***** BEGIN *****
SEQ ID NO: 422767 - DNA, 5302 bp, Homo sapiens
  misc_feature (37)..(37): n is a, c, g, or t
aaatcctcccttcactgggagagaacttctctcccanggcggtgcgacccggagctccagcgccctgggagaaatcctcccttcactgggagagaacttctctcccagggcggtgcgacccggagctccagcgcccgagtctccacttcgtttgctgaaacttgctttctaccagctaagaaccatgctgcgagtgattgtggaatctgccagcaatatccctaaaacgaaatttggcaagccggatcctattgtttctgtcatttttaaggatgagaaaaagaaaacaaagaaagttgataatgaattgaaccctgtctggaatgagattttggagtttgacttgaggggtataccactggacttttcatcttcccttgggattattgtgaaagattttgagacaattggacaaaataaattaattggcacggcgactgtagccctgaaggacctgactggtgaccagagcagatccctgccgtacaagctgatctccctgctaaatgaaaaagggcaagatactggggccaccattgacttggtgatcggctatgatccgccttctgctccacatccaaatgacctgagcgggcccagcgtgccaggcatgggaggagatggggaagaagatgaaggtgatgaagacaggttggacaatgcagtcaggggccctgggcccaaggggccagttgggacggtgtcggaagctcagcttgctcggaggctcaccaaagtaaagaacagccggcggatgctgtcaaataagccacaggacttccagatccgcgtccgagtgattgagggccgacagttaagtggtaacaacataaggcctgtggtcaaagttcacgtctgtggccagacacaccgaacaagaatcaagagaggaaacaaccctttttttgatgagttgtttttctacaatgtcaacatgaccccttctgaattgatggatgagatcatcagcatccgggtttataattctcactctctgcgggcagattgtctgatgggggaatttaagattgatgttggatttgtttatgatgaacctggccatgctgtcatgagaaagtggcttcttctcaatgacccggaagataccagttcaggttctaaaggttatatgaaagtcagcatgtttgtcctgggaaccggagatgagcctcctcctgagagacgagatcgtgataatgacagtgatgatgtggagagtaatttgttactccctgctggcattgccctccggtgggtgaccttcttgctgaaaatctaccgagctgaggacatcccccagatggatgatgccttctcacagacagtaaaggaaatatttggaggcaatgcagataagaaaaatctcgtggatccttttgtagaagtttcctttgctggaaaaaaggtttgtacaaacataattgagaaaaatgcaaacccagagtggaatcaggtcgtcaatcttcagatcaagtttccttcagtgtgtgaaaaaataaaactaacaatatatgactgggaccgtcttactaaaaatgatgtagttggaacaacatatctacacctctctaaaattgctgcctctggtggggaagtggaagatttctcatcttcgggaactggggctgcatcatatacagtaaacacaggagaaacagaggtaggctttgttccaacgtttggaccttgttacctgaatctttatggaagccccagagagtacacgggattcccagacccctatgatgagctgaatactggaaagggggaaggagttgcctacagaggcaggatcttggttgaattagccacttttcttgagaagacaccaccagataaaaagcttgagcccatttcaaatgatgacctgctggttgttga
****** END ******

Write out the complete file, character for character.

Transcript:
SEQ ID NO: 422767 - DNA, 5302 bp, Homo sapiens
  misc_feature (37)..(37): n is a, c, g, or t
aaatcctcccttcactgggagagaacttctctcccanggcggtgcgacccggagctccagcgccctgggagaaatcctcccttcactgggagagaacttctctcccagggcggtgcgacccggagctccagcgcccgagtctccacttcgtttgctgaaacttgctttctaccagctaagaaccatgctgcgagtgattgtggaatctgccagcaatatccctaaaacgaaatttggcaagccggatcctattgtttctgtcatttttaaggatgagaaaaagaaaacaaagaaagttgataatgaattgaaccctgtctggaatgagattttggagtttgacttgaggggtataccactggacttttcatcttcccttgggattattgtgaaagattttgagacaattggacaaaataaattaattggcacggcgactgtagccctgaaggacctgactggtgaccagagcagatccctgccgtacaagctgatctccctgctaaatgaaaaagggcaagatactggggccaccattgacttggtgatcggctatgatccgccttctgctccacatccaaatgacctgagcgggcccagcgtgccaggcatgggaggagatggggaagaagatgaaggtgatgaagacaggttggacaatgcagtcaggggccctgggcccaaggggccagttgggacggtgtcggaagctcagcttgctcggaggctcaccaaagtaaagaacagccggcggatgctgtcaaataagccacaggacttccagatccgcgtccgagtgattgagggccgacagttaagtggtaacaacataaggcctgtggtcaaagttcacgtctgtggccagacacaccgaacaagaatcaagagaggaaacaaccctttttttgatgagttgtttttctacaatgtcaacatgaccccttctgaattgatggatgagatcatcagcatccgggtttataattctcactctctgcgggcagattgtctgatgggggaatttaagattgatgttggatttgtttatgatgaacctggccatgctgtcatgagaaagtggcttcttctcaatgacccggaagataccagttcaggttctaaaggttatatgaaagtcagcatgtttgtcctgggaaccggagatgagcctcctcctgagagacgagatcgtgataatgacagtgatgatgtggagagtaatttgttactccctgctggcattgccctccggtgggtgaccttcttgctgaaaatctaccgagctgaggacatcccccagatggatgatgccttctcacagacagtaaaggaaatatttggaggcaatgcagataagaaaaatctcgtggatccttttgtagaagtttcctttgctggaaaaaaggtttgtacaaacataattgagaaaaatgcaaacccagagtggaatcaggtcgtcaatcttcagatcaagtttccttcagtgtgtgaaaaaataaaactaacaatatatgactgggaccgtcttactaaaaatgatgtagttggaacaacatatctacacctctctaaaattgctgcctctggtggggaagtggaagatttctcatcttcgggaactggggctgcatcatatacagtaaacacaggagaaacagaggtaggctttgttccaacgtttggaccttgttacctgaatctttatggaagccccagagagtacacgggattcccagacccctatgatgagctgaatactggaaagggggaaggagttgcctacagaggcaggatcttggttgaattagccacttttcttgagaagacaccaccagataaaaagcttgagcccatttcaaatgatgacctgctggttgttga